Sunday, July 27, 2014
On the Attitude Toward Children in Times of War, by Dahlia Ravikovitch (translated by Chana Bloch)
This is from Chana Bloch, in response to the deaths in Gaza:
I have no words. This is by Dahlia Ravikovitch (1936-2005), one of the great Hebrew poets of our time, acclaimed for her poetry, admired and vilified for her political activism...Chana Bloch
On the Attitude toward Children in Times of War
He who destroys thirty babies
it is as if he'd destroyed three hundred babies,
and toddlers too,
or even eight-and-a-half year olds;
in a year, God willing, they'd be soldiers
in the Palestine Liberation Army.
at their age
they don't even have a real world view.
And their future is shrouded, too:
refugee shacks, unwashed faces,
sewage flowing in the streets,
a negative outlook on life.
And thus began the flight from city to village,
from village to burrows in the hills.
As when a man did flee from a lion,
as when he did flee from a bear,
as when he did flee from a cannon,
from an airplane, from our own troops.
He who destroys thirty babies,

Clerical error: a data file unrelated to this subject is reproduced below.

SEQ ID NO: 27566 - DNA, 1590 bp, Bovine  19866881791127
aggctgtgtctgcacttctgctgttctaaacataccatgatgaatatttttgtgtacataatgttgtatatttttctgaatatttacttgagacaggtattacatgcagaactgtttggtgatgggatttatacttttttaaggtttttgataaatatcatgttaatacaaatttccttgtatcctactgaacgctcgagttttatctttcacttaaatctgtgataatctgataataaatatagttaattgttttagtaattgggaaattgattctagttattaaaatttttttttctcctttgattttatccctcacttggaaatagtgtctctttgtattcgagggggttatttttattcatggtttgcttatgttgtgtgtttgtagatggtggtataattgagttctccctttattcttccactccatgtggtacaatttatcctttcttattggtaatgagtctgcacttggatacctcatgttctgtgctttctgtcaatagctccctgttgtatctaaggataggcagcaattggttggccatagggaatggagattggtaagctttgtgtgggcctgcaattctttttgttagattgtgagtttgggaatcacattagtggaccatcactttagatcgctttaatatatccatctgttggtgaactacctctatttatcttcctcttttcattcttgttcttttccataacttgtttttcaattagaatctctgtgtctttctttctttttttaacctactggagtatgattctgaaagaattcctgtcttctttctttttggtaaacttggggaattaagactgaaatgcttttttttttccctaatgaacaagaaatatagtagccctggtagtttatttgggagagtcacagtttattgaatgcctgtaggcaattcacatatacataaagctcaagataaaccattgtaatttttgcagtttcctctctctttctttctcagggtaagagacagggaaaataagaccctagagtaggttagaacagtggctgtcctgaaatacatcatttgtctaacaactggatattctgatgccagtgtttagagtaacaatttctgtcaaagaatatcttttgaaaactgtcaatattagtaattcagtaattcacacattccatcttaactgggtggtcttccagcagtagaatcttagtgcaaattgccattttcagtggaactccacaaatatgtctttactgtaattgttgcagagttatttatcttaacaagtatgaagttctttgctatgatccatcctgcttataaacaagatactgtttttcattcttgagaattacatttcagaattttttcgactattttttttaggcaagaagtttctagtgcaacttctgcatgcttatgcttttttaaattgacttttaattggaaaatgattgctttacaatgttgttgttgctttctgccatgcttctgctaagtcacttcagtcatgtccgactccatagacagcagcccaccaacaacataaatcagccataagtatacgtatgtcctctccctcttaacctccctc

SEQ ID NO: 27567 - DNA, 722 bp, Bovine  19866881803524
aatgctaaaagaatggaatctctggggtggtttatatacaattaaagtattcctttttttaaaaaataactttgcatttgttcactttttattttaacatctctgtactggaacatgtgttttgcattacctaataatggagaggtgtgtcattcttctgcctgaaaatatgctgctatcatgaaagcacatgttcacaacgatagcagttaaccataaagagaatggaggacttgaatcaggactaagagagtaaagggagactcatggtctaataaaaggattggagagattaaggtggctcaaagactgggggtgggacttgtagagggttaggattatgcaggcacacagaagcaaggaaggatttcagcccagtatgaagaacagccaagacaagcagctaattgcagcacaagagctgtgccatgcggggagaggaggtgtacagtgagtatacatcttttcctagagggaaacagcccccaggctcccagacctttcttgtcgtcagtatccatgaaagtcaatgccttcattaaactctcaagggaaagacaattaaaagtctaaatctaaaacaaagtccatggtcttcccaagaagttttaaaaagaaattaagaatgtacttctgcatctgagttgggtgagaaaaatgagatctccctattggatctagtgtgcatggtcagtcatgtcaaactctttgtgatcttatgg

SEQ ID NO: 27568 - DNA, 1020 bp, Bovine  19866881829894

it is as if he'd destroyed one thousand and thirty,
or one thousand and seventy,
thousand upon thousand.
And for that alone shall he find
from Hovering at a Low Altitude: The Collected Poetry of Dahlia Ravikovitch
trans. Chana Bloch & Chana Kronfeld (Norton 2009).
Author's note: This is a variation on a poem by Natan Zach that deals [satirically] with the question of whether there were exaggerations in the number of children reported killed in the  Lebanon War.
Lines 1-2, He who destroys: cf. Babylonian Talmud, Sanhedrin 4:5: "He who destroys a single human soul . . . , it is as if he had destroyed an entire world."
Lines 16-17, As when a man: Amos , about the danger of apocalyptic yearnings.